Love, Victor showrunners and star break down that season 1 finale cliffhanger
Warning: This article contains spoilers for Love, Victor's season 1 finale, "Spring Fling."
After a season of soul searching, Victor (Michael Cimino) finally made the decision to come out to his family in the season 1 finale of Love, Victor.
Hulu's Love, Simon spin-off series ended its first season with Victor telling his parents that he's gay after almost losing the nerve to come out to them when they told him they were separating. He started to walk towards his room, but then he took a deep breath, turned around, and came out, having been inspired by his trip to New York, which resulted in him coming out to his best friend Felix (Anthony Turpel). The finale ended on that major milestone for Victor in a tight close-up on his face, but without showing how his parents reacted to the news.
Meanwhile, Victor also made some big decisions (both good and bad) regarding his friendships in the finale. He took his girlfriend Mia (Rachel Hilson) to the school dance to give her one last perfect night together before telling her the truth about his sexuality. But at the dance, he ended up kissing his crush Benji (George Sear) who had just broken up with his boyfriend so they could be together. Unfortunately, Mia saw the whole thing and left in tears with Andrew (Mason Gooding).
EW spoke to Love, Victor showrunners Isaac Aptaker and Elizabeth Berger, along with series star Cimino, and got them to break down that cliffhanger, what it means for season 2, and more.
ENTERTAINMENT WEEKLY: It was such a relief when Victor came out to his parents at the end of the finale — for a moment there it seemed like he wasn't going to follow through on his commitment to coming out.
MICHAEL CIMINO: I know, how amazing was that? How the season ends on that particular moment, it leads into an amazing opportunity to tell a great story in the second season. It leaves you on a moment that really signifies a big change in Victor's life. He is now entering a new phase in his life in the second season. He is a changed person from this point forward.
Why was it important to have him come out to his family in the finale instead of putting off that moment any longer?
ELIZABETH BERGER: It felt really important to us from a character standpoint that he get to say those words out loud. We think that's a big part of Victor's journey throughout the season. He obviously is such a good kid and someone that's so desperate to please and has gotten used to playing the role of putting his family first and putting his parents first, and he really needs to tell them in that moment what's been going on with him. We just see it as such growth that he's able to say, "No, actually I'm not going to put this giant thing I'm going through on hold, I'm going to tell you how I feel." So that felt really satisfying to us to get him to that place in episode 10.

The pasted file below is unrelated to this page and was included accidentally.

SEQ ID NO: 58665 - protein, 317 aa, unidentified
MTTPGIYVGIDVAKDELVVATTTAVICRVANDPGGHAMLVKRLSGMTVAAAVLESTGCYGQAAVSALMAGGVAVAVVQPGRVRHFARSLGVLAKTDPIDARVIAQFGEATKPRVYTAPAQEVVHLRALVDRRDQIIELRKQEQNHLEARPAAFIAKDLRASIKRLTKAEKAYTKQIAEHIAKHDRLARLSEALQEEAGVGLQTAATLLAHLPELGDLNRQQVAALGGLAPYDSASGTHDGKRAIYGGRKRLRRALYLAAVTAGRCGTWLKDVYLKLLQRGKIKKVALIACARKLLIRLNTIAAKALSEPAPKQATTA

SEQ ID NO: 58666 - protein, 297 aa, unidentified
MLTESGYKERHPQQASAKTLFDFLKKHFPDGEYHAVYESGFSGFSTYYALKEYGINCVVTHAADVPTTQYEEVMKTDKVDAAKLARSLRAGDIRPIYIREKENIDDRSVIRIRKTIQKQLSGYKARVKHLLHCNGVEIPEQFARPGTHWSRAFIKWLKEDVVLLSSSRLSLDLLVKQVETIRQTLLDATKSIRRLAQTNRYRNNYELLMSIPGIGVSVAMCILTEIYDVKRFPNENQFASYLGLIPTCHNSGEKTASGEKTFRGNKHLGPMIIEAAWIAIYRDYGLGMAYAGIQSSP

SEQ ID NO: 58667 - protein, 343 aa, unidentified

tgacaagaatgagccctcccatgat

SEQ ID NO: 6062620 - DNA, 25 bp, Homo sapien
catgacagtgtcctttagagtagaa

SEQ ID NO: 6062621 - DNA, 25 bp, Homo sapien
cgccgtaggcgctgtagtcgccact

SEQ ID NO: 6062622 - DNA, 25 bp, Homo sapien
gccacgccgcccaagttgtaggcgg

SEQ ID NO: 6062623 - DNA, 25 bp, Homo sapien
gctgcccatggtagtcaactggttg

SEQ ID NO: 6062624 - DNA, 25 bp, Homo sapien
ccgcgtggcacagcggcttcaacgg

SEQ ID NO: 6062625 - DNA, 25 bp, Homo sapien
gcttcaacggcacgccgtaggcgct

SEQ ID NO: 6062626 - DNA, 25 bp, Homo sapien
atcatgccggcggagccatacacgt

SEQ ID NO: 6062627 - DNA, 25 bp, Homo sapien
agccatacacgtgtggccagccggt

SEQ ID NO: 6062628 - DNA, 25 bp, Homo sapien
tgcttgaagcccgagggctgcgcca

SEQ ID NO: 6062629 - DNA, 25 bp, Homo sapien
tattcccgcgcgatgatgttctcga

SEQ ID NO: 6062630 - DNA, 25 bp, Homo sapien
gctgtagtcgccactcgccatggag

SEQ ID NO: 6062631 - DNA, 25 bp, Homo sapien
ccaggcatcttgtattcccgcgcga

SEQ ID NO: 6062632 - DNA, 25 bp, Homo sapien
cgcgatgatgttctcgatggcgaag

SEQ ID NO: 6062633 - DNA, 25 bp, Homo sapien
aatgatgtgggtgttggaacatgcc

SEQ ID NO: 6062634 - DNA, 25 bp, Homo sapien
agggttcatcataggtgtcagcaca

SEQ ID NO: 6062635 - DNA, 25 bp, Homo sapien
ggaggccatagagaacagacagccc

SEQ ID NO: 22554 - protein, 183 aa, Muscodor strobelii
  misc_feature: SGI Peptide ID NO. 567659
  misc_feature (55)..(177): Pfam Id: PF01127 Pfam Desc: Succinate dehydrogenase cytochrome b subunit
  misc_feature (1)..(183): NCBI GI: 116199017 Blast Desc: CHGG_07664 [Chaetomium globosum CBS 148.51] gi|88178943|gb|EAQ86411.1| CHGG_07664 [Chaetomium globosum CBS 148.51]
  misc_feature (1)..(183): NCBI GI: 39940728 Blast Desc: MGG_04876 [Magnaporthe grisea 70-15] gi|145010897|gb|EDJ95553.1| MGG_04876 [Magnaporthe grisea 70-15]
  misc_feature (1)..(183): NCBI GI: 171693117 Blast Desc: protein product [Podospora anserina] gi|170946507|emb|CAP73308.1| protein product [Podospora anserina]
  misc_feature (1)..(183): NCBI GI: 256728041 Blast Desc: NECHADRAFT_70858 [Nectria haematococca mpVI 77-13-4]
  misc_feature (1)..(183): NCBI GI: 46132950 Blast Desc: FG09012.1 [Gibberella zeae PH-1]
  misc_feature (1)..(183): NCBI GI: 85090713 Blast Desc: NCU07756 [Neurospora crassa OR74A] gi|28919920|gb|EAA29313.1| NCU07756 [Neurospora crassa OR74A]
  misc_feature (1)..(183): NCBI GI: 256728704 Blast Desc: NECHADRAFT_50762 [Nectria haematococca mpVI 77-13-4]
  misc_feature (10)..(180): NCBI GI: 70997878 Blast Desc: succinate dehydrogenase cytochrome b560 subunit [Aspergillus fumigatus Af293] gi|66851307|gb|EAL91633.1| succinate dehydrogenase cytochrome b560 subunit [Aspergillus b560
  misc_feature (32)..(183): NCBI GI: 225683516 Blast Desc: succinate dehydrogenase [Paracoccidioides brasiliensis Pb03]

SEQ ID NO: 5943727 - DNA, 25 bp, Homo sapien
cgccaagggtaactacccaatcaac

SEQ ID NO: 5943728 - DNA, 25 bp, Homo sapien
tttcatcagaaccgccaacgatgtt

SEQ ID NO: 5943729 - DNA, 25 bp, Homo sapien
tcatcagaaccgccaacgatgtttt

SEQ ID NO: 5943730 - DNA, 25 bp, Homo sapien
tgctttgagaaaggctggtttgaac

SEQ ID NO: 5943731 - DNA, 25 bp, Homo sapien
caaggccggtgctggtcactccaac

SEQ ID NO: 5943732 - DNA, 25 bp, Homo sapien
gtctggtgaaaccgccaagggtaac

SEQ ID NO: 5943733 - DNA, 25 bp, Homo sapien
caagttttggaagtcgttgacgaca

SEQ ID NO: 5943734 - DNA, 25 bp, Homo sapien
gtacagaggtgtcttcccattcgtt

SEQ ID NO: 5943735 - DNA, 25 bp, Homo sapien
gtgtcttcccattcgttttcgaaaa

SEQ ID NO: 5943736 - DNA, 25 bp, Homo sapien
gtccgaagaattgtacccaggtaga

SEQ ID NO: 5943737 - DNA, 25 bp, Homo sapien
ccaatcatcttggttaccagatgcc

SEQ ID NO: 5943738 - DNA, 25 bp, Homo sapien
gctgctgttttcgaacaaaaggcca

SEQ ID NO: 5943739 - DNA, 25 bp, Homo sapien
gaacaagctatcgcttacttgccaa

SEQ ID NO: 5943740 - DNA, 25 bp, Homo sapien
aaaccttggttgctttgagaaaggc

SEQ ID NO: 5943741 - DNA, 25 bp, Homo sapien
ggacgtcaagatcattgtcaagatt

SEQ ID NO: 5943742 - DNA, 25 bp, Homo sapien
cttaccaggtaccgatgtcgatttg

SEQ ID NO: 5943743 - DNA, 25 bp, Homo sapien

ISAAC APATAKER: When we sold the show we didn't do a traditional pilot, we sold it straight to series which kind of required us to think about what these 10 episodes would really be, almost like if they were a long movie. So we always knew the endpoint for these first 10 — which were really about Victor coming to terms with who he is — was him declaring that to his family.
What does this cliffhanger mean for season 2?
BERGER: That will be a huge thrust of the second season. Our season 2 writers room is actually hard at work already breaking these stories and that is just a gigantic piece of the season. What happens? We don't get to see Isabel [Ana Ortiz] and Armando [James Martinez] after he says that, so what happens next in that conversation? And what happens in the days that follow? Obviously, they are from a very specific background culturally and it is fair to say that it's really going to be something that they're going to be grappling with throughout our entire second season. In the same way that the Simon [Nick Robinson] plotline in the movie [between he] and his mom — played so beautifully by Jennifer Garner — resonated with a lot of people… the story we’re telling between Victor and his mother Isabel, hopefully, while different, will also resonate. It's a really complex story, but there's a lot of love behind it and a lot of people trying to meet each other in the middle and march forward with their relationships.